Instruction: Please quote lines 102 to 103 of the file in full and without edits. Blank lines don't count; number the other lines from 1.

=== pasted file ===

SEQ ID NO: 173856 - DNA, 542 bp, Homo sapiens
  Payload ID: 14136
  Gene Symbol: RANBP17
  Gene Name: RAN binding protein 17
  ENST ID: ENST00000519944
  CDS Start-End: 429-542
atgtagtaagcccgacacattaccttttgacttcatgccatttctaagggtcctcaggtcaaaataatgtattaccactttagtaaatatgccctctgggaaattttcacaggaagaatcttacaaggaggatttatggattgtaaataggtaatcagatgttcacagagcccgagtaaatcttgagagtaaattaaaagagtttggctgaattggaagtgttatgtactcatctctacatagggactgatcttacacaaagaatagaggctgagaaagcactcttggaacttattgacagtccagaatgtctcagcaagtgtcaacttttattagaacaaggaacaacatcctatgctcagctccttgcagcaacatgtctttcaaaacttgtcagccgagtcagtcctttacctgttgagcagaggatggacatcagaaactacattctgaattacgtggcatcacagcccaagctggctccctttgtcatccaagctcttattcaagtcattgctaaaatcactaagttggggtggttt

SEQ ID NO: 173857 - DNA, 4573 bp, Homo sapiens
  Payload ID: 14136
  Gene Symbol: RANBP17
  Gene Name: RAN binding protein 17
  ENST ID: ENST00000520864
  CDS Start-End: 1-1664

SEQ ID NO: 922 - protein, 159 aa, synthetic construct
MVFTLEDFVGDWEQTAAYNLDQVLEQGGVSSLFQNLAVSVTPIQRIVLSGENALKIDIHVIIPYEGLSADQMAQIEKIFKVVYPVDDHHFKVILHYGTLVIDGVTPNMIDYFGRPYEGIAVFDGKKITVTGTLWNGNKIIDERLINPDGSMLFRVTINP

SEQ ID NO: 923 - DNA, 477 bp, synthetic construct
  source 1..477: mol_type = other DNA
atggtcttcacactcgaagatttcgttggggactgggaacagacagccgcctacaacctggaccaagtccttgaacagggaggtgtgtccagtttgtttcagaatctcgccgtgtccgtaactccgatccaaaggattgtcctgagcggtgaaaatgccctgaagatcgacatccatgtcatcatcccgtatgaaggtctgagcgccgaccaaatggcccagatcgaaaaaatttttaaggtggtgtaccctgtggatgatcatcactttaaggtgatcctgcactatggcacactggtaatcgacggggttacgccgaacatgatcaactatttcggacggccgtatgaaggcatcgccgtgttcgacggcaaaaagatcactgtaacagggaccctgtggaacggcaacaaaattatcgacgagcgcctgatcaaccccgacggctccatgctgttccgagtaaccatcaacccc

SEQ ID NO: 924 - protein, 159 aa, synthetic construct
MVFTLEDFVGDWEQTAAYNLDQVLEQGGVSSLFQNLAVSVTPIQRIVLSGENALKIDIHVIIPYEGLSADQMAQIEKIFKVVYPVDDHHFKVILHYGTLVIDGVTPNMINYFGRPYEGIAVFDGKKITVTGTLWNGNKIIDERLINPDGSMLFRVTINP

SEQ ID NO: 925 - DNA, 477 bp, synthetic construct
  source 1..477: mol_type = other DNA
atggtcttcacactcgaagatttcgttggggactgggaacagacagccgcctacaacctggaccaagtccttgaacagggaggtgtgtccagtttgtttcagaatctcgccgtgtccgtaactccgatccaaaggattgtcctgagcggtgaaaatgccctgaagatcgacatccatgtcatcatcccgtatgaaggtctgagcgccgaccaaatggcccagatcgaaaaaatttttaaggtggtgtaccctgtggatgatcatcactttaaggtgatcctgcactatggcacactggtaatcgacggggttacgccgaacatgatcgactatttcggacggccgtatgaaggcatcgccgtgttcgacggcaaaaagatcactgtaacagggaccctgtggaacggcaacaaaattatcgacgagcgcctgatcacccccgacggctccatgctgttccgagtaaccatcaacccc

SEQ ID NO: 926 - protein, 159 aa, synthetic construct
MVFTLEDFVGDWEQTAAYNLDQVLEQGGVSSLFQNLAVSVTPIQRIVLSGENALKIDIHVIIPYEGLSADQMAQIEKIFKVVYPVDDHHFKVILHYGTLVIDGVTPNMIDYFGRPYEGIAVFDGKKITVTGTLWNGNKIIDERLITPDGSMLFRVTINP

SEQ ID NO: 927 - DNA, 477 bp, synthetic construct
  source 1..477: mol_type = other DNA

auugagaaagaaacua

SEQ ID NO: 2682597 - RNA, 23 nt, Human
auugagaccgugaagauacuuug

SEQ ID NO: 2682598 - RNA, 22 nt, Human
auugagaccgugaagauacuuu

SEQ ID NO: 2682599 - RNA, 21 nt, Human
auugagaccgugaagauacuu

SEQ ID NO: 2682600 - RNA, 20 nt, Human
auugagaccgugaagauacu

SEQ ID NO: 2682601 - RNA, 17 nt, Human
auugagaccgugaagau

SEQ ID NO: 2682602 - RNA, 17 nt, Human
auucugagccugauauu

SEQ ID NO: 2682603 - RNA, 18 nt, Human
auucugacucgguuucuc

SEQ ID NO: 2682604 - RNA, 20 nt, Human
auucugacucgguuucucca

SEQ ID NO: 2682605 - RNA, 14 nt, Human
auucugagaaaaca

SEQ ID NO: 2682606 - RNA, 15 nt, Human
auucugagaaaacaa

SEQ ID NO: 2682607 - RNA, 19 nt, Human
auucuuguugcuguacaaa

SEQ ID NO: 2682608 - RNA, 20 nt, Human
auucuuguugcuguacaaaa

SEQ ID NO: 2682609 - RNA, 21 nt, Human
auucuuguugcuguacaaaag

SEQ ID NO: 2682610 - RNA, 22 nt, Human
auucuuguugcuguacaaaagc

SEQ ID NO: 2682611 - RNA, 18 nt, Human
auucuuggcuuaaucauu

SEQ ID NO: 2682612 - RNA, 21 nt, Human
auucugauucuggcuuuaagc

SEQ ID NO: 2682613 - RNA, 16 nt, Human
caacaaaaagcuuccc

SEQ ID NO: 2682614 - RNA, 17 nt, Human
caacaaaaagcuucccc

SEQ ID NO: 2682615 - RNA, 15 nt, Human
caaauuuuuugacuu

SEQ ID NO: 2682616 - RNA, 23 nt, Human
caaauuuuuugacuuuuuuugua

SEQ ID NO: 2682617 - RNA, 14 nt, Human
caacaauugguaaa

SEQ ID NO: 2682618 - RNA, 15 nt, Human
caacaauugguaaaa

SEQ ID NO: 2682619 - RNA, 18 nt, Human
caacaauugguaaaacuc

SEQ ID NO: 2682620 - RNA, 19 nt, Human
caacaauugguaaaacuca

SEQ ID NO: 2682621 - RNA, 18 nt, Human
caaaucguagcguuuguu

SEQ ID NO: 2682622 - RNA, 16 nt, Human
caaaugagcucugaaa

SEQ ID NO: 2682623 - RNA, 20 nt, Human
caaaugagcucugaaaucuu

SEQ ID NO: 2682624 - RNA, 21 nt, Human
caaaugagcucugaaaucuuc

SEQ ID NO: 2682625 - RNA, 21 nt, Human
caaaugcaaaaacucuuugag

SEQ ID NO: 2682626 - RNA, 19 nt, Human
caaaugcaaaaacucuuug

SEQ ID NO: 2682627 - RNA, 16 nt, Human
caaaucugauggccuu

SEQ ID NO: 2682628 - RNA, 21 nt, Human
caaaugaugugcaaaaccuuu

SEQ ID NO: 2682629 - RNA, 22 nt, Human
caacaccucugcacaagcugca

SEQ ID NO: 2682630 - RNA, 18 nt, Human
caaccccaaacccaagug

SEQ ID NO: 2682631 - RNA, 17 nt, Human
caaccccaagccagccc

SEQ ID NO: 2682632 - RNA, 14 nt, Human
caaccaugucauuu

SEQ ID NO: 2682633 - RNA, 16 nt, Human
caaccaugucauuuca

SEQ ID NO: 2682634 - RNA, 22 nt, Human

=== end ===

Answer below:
caaccaugucauuuca

SEQ ID NO: 2682634 - RNA, 22 nt, Human